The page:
Stolen from Trip for the handful of years he'd lived and loved with her.

T'Pol closed her eyes and remembered. The memories of Trip in her mind were so vivid, so real, that she could almost lose herself for days in their warmth. The memory of the way he smiled, the sound of his laughter, the gentleness of his touch, eased away some of the aches of old age and brought a peace to her thoughts that Trip had given her in the precious time he'd been alive.

They were good memories, enough to placate a widow of so many years.

"Thought I might find you here."

T'Pol's lips parted involuntarily and her tranquil basking within her own memories evaporated. So long, so much in between, but she would know that voice anywhere.

T'Pol turned, slowly and with arthritic movements, and rested her eyes upon her visitor.

Trip. He was standing in the old Enterprise's mess hall, watching her closely, quietly.

He was so young. T'Pol greedily snatched moments of absolute silence to absorb the tiny details of him, a new memory she did not have before. She was attuned to the way his chest moved when he breathed, the way his eyelids flickered when he blinked, the way his body bespoke of youth, strength, vigorous life. All precisely the way she remembered... so long ago.

It was more than confronting a ghost and for a second T'Pol thought it would break her. The years assaulted her in a heartbeat and she thought it would not be so bad to sink to the floor here and now and let the end take her. Trip would come to her she knew, would hold her, and it would be the way she would have wanted to finally ease into death, an end in Trip's arms she thought she could never have.

But this Trip would not be the same man she had wed and had a child with, precious years would be missing from his face and eyes, and it was enough to hold the abyss at bay.

"Trip," T'Pol finally spoke in her aged, cracked voice, elated deep within herself to say the name again, to use it in address rather than remembrance.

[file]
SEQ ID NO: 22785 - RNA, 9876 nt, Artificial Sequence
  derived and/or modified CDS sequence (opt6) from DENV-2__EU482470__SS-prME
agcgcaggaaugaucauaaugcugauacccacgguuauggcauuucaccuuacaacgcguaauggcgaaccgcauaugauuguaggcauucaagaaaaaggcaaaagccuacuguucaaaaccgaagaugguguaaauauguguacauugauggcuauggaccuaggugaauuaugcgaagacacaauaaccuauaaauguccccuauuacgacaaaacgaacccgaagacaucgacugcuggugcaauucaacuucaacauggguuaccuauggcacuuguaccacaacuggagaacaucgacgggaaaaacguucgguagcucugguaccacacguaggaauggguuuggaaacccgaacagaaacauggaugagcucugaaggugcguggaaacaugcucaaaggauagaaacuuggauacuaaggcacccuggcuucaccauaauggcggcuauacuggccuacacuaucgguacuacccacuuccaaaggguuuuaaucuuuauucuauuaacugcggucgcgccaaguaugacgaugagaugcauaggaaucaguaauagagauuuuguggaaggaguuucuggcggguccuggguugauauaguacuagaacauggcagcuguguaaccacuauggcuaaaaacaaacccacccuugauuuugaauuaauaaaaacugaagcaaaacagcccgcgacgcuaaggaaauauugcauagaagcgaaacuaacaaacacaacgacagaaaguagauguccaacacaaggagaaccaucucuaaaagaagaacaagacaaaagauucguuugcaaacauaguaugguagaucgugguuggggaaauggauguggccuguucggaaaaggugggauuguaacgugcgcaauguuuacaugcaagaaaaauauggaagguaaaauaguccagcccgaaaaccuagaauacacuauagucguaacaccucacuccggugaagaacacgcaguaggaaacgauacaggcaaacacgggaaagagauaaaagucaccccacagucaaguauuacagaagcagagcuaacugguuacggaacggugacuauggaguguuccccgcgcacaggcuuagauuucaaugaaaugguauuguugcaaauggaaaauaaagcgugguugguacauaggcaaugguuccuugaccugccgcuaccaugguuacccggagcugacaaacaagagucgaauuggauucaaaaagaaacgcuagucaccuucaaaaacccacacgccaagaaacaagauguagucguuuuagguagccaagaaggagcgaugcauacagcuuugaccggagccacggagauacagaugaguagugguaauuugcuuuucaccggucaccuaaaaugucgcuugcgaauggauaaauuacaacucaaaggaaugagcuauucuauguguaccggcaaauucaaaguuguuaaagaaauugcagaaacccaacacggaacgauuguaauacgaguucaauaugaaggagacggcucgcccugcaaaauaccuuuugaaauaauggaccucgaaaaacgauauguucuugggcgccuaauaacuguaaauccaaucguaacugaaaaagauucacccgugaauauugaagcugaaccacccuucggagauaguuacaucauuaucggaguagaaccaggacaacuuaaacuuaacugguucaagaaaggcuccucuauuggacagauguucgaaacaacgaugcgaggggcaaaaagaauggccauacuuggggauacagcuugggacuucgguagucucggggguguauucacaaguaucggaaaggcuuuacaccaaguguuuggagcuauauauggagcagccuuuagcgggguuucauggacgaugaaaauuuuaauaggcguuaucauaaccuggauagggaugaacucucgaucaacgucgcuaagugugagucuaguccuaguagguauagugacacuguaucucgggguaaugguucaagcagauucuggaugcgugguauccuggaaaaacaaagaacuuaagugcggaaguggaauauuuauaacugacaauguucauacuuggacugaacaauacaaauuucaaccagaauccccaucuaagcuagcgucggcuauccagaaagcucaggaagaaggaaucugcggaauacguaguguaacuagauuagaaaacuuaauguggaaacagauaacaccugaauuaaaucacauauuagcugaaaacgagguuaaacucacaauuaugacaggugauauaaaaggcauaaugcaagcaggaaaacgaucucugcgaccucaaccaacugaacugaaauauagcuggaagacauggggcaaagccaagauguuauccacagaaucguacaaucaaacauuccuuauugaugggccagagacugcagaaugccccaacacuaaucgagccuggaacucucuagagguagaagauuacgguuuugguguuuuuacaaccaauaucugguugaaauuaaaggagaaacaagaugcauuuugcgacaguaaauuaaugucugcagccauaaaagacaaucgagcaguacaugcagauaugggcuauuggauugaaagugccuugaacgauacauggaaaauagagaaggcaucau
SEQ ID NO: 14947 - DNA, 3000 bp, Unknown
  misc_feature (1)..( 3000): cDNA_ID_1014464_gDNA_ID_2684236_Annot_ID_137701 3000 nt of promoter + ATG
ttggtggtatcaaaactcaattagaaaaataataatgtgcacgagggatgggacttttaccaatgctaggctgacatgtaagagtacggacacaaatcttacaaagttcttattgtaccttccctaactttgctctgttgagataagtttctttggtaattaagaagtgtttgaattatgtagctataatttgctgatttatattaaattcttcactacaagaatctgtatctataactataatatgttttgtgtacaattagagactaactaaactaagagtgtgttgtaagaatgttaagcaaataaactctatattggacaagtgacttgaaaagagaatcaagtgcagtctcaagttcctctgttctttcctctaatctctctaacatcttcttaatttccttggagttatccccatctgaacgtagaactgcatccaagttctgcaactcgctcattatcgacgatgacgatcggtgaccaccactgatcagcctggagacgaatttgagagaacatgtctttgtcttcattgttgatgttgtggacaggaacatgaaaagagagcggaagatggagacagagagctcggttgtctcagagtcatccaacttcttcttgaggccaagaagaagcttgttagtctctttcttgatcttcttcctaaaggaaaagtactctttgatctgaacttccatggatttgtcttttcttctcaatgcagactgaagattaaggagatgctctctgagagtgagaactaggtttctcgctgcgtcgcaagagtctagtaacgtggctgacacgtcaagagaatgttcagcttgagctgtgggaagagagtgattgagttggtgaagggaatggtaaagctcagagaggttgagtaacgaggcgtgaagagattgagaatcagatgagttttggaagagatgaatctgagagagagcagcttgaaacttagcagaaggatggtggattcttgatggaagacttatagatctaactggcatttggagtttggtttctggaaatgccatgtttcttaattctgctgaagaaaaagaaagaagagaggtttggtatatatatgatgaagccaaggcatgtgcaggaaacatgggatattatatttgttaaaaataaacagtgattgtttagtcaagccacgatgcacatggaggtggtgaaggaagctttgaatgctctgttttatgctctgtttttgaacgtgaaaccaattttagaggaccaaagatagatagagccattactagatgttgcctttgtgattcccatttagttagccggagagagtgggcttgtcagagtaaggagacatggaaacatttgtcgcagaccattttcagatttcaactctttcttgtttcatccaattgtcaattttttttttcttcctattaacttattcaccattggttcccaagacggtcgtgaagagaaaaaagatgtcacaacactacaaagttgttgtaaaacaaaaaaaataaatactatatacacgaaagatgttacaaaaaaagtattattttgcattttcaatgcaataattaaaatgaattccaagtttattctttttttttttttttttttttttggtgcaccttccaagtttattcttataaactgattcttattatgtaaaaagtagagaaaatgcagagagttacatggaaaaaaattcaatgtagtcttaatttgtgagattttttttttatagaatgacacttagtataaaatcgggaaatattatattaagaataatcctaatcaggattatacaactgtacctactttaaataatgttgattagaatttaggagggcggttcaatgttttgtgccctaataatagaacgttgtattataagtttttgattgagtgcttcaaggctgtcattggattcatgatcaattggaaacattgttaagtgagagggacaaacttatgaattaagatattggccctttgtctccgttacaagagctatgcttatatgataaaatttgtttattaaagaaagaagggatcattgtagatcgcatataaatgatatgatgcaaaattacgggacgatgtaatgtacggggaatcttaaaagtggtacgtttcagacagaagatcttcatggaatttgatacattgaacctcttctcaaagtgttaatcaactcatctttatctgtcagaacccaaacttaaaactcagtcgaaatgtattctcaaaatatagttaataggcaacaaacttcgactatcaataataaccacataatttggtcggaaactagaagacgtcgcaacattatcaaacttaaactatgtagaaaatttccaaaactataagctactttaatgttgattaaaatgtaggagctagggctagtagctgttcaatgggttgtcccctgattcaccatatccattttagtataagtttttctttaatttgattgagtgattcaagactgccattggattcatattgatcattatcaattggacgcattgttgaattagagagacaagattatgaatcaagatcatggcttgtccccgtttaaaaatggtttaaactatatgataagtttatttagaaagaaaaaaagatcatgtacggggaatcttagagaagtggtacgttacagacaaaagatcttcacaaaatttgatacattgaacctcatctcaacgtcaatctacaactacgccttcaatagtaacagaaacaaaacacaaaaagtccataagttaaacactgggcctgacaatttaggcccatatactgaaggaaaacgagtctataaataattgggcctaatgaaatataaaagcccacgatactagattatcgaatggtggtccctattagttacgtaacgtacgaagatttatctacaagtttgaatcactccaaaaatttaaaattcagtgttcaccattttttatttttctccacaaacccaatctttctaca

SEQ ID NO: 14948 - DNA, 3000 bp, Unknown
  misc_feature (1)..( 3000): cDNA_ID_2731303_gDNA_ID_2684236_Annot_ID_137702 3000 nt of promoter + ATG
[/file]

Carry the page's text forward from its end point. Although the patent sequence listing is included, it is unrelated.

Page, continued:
Trip, clearly startled by the appearance of T'Pol so old and different from the Vulcan he knew, offered her a watery smile. After a second it grew more sincere, more assured, and T'Pol was almost drawn back to his gentle face the way it had once besotted her.

He stepped carefully closer. "I... I'm sorry to come; Cap'n Archer said ya didn't want to see me."

T'Pol looked up at him, absorbed in his every detail, his living presence, and she gave a tender rebuttal, "I told him it would be awkward... I was right," a twinkle of humor lighted in her eyes.

Trip smiled again, now standing beside her, and gave a faint nod. "I don't know why that should have changed, you usually are." He stopped and studied her a long moment. Not like she was a curiosity or a conundrum, but as though despite the years and miles he could still see T'Pol, the T'Pol he knew, within the shell of this old woman. It did not surprise her; Trip had always looked through her, right into her core.

It was almost painful to feel his gaze on her again, burning through her barriers so effortlessly, the way only Trip ever could.

"Why did you come?" she asked lowly, unable to take her eyes from him.

Trip blinked, seemed to mentally shake himself, then answered, "We're almost done with the repairs, won't be long before we split up again. I just wanted to see you."

Possibly her last chance to see him, her last chance to breathe with him, remember him, have shared a past with him. In light of all that stood to be lost, she was at that instant thankful for one more stolen chance to be with him again, young or old.

"I'm glad you did," she confessed honestly. T'Pol indulged herself and took a step closer to him. Enough to smell his familiar scent that was indelibly branded in her memory, enough to feel his body heat as it chased away the chill air as robes and clothes had failed to do. More than anything it was enough to sense him, to feel his mind. It was the same mind as her Trip's, the same mind she'd bonded with so long ago, and standing again with him now that long-dead place in her mind where he'd been stirred to life again, reconnected to the presence of her mate.